MoveOn.org says it’s time for thinking Americans to speak up regarding the unconscionable abuse of prisoners held by the US-led occupying force in Iraq. The organization writes:
As America learns more about the prisoner abuse scandal, it’s becoming clear that the path to the crimes committed at Abu Ghraib prison began at Donald Rumsfeld’s office in the Pentagon. According to an article in the New Yorker magazine, a policy put in place by Secretary Rumsfeld “encouraged physical coercion and sexual humiliation of Iraqi prisoners in an effort to generate more intelligence about the growing insurgency in Iraq.”
And Dubya says Rummy is doing “a superb job.” MoveOn suggests that if the Terrorist-in-Thief won’t take action, the US Congress must. And so should you.
TAKE ACTION: Call your congressional lawmakers right away via the Congressional Switchboard, 202-224-3121, and insist they urge Bush to fire Donald Rumsfeld. (Let MoveOn know you’re calling too.)
MoveOn has more to say on the matter:
Bush approved a policy that the Geneva Convention wouldn’t
apply to suspected al-Qaeda and Taliban fighters held in Guantanamo
Bay, Cuba. When the war in Iraq started to go badly, Rumsfeld extended
these aggressive interrogation policies to Iraqi prisons. According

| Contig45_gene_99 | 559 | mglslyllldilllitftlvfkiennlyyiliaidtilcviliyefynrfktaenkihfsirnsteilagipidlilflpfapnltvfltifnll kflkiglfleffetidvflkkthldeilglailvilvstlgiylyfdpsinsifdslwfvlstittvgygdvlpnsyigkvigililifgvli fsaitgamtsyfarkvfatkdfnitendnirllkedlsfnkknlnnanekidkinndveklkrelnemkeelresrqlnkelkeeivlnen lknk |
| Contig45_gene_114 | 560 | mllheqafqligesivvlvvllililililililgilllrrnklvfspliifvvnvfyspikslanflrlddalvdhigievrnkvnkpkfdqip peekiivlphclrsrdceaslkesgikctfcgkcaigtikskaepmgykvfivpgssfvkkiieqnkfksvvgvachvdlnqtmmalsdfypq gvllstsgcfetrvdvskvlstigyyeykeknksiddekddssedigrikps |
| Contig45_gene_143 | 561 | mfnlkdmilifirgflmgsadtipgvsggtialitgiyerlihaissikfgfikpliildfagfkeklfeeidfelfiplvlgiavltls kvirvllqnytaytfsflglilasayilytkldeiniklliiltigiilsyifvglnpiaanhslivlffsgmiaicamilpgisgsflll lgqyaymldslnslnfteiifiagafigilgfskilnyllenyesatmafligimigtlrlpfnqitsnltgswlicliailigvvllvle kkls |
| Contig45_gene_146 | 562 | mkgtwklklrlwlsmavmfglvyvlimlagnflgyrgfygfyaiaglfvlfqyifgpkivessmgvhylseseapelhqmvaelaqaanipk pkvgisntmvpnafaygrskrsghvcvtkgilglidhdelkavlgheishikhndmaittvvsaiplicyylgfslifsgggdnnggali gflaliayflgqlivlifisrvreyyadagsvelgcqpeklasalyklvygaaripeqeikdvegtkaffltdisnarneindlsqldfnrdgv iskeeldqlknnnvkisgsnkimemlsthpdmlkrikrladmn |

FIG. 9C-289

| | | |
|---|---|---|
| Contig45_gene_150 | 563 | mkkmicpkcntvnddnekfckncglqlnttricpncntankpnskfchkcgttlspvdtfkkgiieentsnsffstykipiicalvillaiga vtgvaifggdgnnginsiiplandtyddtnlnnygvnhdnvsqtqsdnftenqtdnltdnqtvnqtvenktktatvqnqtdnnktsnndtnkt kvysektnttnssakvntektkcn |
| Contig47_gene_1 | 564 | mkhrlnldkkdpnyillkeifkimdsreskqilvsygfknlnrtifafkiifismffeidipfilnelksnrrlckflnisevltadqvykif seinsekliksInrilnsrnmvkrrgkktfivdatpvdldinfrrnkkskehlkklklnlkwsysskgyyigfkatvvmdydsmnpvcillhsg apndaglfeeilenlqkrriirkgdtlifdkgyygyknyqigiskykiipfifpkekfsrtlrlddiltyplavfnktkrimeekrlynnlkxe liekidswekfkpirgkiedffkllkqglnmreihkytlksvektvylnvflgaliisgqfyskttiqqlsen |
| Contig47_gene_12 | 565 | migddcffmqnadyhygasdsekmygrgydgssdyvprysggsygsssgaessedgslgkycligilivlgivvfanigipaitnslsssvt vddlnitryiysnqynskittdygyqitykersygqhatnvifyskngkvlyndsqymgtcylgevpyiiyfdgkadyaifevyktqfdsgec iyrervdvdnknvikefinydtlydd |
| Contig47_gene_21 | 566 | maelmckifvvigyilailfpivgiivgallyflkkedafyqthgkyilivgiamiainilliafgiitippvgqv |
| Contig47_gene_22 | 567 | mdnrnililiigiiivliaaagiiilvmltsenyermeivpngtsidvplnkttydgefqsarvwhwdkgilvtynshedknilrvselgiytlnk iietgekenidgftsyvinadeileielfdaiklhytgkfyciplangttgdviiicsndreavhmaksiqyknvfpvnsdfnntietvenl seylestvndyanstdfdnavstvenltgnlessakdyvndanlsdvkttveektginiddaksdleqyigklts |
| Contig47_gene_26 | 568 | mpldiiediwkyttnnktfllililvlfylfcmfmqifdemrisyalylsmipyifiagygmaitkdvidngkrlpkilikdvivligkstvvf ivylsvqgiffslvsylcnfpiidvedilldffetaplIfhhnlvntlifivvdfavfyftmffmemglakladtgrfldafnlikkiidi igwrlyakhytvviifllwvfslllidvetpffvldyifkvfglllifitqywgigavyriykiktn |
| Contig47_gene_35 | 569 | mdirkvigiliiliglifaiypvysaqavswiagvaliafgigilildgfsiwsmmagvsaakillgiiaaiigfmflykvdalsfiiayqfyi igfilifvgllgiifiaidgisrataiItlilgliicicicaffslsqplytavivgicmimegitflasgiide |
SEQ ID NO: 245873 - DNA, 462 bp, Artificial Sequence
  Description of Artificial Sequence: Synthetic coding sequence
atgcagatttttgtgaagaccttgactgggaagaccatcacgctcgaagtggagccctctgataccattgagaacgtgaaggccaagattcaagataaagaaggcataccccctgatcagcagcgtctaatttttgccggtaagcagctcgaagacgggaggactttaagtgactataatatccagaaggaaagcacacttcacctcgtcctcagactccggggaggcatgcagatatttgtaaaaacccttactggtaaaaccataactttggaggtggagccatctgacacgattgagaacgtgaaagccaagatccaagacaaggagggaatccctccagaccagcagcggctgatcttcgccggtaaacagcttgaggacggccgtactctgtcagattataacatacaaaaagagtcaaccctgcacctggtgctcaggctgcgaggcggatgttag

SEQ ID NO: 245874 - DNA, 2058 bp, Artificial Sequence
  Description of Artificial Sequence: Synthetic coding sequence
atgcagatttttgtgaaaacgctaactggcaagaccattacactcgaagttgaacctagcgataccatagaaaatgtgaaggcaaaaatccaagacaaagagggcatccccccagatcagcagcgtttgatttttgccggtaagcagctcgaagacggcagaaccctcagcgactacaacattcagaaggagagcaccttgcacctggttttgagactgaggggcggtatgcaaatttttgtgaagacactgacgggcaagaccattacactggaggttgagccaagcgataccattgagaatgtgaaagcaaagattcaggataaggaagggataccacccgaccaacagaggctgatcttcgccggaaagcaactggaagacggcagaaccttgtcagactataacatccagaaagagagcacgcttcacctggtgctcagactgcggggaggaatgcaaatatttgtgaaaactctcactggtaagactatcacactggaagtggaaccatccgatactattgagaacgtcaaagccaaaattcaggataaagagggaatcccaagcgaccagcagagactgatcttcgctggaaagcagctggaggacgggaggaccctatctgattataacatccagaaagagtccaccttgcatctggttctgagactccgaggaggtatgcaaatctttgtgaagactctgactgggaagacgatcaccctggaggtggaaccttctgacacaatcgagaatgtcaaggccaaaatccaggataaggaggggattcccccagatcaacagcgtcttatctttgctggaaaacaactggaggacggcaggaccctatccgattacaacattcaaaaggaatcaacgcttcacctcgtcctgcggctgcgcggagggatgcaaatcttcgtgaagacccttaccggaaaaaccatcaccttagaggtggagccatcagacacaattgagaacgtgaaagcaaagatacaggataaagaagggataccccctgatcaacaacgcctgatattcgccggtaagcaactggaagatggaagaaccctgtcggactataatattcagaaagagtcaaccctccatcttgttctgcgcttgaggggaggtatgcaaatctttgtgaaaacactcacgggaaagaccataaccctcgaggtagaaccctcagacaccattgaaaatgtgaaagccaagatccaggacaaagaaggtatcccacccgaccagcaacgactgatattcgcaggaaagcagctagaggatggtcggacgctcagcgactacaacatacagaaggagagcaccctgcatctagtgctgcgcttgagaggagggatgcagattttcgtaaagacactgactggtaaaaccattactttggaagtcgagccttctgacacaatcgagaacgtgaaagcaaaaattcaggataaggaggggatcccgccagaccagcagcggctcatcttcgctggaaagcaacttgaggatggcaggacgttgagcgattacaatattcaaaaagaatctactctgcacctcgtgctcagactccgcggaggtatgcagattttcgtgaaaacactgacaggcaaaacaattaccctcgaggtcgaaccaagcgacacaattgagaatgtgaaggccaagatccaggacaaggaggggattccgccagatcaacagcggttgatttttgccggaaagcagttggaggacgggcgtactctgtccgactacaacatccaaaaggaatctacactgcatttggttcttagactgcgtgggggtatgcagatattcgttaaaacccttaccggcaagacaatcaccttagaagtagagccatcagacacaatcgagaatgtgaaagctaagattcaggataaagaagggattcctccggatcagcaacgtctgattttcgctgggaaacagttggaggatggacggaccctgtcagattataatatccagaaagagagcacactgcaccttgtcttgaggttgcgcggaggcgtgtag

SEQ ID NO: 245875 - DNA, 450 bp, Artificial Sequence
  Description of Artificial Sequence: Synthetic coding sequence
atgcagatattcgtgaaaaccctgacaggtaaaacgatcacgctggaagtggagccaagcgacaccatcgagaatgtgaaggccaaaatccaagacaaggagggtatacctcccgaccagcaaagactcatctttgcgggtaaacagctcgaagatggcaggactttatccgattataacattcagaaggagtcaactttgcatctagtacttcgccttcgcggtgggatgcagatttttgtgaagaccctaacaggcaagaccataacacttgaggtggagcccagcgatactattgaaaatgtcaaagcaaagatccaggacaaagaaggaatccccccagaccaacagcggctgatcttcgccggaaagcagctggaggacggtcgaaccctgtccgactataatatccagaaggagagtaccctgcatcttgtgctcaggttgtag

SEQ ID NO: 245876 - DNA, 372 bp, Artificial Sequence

to the current issue of Newsweek,
“It was an approach that they adopted to sidestep the historical safeguards of the Geneva Conventions, which protect the rights of detainees and prisoners of war. In doing so, they overrode the objections of Secretary of State Colin Powell and America’s top military lawyers – and they left underlings to sweat the details of what actually happened to prisoners in these lawless places. While no one deliberately authorized outright torture, these techniques entailed a systematic softening up of prisoners through isolation, privations, insults, threats and humiliation – methods that the Red Cross concluded were ‘tantamount to torture.’”
High-level officials in the Pentagon were sent from Guantanamo Bay to
Iraq to implement the more aggressive policies, and it appears that
command of the prison was placed in the hands of military intelligence
officers. Techniques that had been approved only for suspected al-Qaeda
terrorists were suddenly applied to Iraqi prisoners (up to 90% of whom
were mistakenly detained, according to the Red Cross).
Despite the eagerness of the Bush administration to blame the torture
at Abu Ghraib on a few rogue soldiers, it is now clear that real
responsibility lies at the top of the chain of command.
What happened to the prisoners at Abu Ghraib at the hands of US terrorists — and, in a separate incident at the hands of revenge-seeking Iraqi terrorists, to American Nick Berg — is beyond the pale, beyond inhumane. In the case of the Iraqi prisoners, there is action we can take: It’s time to speak out for the sake of justice and human rights.Advertisements